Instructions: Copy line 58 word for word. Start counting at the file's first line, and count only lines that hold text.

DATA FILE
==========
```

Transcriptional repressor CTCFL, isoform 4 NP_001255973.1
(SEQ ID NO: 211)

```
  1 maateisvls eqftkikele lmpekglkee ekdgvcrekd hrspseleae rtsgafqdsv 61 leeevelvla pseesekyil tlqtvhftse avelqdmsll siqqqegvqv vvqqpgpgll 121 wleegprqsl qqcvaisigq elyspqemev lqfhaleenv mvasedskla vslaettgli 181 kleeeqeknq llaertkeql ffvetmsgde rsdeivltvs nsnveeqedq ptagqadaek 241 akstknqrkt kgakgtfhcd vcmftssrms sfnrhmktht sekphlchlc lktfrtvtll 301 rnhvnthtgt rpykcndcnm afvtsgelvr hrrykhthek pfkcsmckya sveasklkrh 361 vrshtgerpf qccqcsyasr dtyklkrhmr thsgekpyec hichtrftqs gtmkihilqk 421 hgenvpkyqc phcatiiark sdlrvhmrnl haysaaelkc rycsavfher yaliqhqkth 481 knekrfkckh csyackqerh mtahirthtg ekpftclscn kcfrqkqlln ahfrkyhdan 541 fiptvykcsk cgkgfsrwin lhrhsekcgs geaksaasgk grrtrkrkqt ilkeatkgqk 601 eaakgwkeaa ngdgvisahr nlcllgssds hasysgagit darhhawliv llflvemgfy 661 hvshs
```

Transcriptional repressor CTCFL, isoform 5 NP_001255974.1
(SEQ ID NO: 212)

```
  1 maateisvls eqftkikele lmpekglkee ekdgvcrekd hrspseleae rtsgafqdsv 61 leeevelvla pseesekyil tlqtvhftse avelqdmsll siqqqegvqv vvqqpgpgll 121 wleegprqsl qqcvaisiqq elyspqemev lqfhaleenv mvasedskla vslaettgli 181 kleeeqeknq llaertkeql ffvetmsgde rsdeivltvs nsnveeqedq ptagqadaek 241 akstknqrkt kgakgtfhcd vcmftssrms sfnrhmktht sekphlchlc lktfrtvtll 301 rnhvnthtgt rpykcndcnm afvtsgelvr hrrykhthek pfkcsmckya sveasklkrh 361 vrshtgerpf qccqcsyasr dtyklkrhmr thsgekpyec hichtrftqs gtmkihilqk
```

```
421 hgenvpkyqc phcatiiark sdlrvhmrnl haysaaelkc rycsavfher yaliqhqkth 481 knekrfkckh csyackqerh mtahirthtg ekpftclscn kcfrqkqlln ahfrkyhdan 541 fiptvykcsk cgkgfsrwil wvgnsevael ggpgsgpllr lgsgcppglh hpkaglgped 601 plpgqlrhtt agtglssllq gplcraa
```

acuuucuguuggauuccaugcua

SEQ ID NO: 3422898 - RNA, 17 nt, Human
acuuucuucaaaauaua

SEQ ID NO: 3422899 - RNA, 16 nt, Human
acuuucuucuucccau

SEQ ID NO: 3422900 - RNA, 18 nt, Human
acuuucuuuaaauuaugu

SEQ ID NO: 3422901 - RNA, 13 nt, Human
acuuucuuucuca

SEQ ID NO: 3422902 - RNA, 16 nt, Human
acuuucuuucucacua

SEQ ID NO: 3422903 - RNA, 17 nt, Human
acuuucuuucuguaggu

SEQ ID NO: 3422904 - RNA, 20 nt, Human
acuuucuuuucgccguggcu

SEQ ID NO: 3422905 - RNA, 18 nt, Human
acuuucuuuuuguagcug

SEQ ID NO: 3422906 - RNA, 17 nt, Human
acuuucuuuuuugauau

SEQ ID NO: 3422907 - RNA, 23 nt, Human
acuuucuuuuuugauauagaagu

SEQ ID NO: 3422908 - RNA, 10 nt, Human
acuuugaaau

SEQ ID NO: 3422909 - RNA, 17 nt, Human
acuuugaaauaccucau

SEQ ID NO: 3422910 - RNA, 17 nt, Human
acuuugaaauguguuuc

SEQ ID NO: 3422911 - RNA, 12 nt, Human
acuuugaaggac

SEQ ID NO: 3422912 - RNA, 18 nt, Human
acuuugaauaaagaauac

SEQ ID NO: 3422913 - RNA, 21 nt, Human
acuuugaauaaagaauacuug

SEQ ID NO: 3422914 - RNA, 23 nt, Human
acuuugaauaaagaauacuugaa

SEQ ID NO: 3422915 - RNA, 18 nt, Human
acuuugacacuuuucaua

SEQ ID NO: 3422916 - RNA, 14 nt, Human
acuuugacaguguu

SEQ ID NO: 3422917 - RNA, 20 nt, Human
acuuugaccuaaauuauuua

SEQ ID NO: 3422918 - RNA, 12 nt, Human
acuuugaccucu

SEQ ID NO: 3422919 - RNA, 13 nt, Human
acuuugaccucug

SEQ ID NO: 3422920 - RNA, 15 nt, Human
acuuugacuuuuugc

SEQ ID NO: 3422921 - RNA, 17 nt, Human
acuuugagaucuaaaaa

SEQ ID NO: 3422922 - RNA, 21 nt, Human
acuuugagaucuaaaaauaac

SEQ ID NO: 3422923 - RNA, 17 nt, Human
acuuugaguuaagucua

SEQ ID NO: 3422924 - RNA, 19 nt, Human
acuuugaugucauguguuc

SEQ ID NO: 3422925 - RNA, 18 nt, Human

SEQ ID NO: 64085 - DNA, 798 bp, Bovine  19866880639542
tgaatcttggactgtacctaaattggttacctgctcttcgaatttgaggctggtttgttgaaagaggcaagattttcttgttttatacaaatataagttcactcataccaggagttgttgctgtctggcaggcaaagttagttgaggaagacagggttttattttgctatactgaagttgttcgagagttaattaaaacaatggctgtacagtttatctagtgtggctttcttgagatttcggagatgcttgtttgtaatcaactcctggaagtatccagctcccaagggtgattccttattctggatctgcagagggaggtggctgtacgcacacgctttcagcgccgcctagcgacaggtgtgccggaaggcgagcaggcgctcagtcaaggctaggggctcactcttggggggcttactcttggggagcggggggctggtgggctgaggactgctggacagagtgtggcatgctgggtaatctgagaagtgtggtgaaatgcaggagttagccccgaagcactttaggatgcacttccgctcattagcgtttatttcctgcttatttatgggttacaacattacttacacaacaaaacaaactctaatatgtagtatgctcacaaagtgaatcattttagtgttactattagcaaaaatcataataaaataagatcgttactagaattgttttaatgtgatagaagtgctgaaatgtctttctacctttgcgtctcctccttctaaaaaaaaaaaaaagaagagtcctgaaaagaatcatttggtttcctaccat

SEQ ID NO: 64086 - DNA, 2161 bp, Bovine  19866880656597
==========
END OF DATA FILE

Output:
SEQ ID NO: 3422919 - RNA, 13 nt, Human